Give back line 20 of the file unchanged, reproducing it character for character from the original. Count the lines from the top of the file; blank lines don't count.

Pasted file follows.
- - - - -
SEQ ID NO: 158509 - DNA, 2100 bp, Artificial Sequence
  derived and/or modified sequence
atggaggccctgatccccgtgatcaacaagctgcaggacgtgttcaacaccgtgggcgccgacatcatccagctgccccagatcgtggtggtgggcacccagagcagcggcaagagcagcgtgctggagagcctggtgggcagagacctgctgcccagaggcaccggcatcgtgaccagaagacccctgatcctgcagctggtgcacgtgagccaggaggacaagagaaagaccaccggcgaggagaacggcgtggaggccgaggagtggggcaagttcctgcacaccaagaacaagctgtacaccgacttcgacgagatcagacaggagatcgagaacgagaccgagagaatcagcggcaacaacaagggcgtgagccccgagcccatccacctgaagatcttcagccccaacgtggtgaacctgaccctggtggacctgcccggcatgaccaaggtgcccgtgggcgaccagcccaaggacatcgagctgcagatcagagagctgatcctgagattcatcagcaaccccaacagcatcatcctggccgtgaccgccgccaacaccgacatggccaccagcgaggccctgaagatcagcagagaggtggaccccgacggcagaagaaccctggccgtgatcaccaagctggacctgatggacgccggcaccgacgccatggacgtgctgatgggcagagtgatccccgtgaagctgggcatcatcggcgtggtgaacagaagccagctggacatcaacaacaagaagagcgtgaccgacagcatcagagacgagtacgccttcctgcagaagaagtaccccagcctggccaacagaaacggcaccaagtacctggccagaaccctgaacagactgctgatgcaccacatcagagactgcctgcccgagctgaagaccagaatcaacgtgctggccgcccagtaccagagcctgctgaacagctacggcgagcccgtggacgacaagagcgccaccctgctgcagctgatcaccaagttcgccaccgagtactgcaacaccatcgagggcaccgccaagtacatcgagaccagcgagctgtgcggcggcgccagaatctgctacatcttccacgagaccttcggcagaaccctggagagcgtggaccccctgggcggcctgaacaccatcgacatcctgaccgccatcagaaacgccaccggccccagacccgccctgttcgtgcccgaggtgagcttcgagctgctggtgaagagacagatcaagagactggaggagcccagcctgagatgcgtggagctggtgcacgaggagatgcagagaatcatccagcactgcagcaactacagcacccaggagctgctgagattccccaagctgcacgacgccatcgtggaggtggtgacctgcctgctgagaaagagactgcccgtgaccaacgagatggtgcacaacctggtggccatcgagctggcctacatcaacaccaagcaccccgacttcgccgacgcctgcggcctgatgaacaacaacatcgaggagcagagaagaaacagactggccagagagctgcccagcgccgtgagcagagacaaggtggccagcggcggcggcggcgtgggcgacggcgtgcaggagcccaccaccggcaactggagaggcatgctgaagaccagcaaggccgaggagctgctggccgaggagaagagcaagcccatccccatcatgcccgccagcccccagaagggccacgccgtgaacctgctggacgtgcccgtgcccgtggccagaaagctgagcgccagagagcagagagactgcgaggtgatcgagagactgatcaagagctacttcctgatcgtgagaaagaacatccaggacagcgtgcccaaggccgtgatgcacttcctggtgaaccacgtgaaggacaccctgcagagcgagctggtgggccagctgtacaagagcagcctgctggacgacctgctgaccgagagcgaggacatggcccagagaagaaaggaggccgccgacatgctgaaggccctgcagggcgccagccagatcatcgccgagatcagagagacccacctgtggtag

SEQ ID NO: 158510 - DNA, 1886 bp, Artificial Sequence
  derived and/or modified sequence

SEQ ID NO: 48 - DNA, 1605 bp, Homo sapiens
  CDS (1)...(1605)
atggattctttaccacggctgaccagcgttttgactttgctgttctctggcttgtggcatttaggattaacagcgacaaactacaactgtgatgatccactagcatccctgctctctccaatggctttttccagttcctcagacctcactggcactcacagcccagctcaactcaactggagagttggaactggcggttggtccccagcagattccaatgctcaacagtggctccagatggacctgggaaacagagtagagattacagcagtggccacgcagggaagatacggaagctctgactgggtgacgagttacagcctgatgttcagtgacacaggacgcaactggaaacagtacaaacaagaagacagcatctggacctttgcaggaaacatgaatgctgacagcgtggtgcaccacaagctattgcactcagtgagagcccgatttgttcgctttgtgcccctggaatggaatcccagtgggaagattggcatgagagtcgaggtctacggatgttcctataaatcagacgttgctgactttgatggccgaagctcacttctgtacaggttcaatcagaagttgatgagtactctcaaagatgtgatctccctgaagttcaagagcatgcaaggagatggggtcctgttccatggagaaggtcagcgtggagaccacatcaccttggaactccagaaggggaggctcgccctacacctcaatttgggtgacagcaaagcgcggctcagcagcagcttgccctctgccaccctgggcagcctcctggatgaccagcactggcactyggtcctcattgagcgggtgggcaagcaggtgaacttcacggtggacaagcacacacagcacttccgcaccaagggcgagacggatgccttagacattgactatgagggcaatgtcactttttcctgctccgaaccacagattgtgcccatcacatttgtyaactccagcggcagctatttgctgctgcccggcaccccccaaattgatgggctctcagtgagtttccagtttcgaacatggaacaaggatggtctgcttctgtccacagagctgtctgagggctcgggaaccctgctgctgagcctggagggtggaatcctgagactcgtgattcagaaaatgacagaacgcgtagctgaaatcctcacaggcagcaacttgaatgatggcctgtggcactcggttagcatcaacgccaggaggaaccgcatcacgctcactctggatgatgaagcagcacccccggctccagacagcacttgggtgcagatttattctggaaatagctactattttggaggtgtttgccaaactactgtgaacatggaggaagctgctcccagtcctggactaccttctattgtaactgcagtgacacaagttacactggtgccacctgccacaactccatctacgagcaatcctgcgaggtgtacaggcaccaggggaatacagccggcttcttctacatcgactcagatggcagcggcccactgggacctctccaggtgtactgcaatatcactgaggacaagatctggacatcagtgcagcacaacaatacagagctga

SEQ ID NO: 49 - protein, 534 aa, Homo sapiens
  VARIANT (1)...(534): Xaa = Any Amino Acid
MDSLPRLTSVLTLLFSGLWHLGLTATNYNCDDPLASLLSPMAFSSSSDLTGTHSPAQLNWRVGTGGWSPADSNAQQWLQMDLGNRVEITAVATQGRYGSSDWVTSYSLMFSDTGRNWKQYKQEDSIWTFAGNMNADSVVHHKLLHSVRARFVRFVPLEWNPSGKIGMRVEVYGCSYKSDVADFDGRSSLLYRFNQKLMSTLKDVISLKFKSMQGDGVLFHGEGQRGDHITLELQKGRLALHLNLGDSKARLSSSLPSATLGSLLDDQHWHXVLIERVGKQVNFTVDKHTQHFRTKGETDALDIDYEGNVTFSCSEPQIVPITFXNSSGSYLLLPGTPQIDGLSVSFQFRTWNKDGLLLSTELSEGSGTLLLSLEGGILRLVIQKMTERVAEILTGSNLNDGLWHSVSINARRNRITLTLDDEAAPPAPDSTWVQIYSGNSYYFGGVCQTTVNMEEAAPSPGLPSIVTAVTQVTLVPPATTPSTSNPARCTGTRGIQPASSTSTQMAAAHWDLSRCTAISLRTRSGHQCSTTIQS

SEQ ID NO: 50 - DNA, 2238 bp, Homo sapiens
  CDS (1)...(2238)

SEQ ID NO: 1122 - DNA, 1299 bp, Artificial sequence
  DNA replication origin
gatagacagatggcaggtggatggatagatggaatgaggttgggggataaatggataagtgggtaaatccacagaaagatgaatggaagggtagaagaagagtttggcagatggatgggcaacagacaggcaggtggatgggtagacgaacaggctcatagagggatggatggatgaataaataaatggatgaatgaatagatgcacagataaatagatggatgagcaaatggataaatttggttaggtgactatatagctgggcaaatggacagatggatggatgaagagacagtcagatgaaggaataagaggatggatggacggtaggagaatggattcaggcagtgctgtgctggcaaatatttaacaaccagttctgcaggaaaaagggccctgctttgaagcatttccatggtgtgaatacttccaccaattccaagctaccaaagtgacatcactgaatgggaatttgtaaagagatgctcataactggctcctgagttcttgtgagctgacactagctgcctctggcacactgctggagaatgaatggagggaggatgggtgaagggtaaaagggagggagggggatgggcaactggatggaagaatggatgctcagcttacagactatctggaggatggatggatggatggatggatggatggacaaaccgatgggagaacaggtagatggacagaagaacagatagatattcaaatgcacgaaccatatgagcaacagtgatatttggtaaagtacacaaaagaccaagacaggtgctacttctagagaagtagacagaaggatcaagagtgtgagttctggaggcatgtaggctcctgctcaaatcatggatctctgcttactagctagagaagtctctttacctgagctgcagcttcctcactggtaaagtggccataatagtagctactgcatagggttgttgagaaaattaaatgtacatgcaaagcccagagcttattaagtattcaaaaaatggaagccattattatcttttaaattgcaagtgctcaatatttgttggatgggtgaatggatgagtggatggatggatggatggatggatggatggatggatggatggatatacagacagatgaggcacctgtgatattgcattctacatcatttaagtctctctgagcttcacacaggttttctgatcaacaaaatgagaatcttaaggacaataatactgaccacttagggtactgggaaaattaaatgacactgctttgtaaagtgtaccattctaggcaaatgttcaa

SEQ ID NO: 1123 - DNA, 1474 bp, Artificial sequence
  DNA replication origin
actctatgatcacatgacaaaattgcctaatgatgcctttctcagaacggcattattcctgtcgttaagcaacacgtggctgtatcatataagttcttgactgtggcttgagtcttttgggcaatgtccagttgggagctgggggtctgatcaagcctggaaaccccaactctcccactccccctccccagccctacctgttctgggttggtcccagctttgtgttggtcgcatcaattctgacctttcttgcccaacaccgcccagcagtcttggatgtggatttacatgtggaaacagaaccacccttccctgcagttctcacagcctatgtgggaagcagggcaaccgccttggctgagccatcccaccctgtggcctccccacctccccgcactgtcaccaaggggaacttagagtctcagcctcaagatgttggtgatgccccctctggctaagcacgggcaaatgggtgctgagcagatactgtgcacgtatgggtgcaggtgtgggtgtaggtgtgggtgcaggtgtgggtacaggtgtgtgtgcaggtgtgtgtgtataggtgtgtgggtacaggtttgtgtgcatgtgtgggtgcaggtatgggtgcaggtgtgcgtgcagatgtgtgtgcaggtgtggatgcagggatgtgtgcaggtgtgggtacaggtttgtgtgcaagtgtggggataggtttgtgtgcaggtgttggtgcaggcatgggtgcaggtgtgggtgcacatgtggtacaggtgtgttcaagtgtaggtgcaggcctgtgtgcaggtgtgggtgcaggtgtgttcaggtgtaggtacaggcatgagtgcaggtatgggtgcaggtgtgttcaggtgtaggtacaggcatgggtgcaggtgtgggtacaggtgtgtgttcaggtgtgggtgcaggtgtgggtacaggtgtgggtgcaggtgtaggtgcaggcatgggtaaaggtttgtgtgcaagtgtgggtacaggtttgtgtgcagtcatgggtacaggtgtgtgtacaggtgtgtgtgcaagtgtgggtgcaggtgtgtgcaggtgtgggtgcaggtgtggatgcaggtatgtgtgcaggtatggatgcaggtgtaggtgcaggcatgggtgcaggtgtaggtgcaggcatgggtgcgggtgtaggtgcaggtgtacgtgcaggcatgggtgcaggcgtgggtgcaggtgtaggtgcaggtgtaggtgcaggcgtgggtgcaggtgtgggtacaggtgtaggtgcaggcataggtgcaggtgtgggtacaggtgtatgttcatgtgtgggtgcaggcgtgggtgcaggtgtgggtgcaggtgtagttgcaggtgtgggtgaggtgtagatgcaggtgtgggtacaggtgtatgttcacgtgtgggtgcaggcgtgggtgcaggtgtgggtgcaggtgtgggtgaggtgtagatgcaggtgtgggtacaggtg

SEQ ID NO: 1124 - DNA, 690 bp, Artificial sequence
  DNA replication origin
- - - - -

SEQ ID NO: 1124 - DNA, 690 bp, Artificial sequence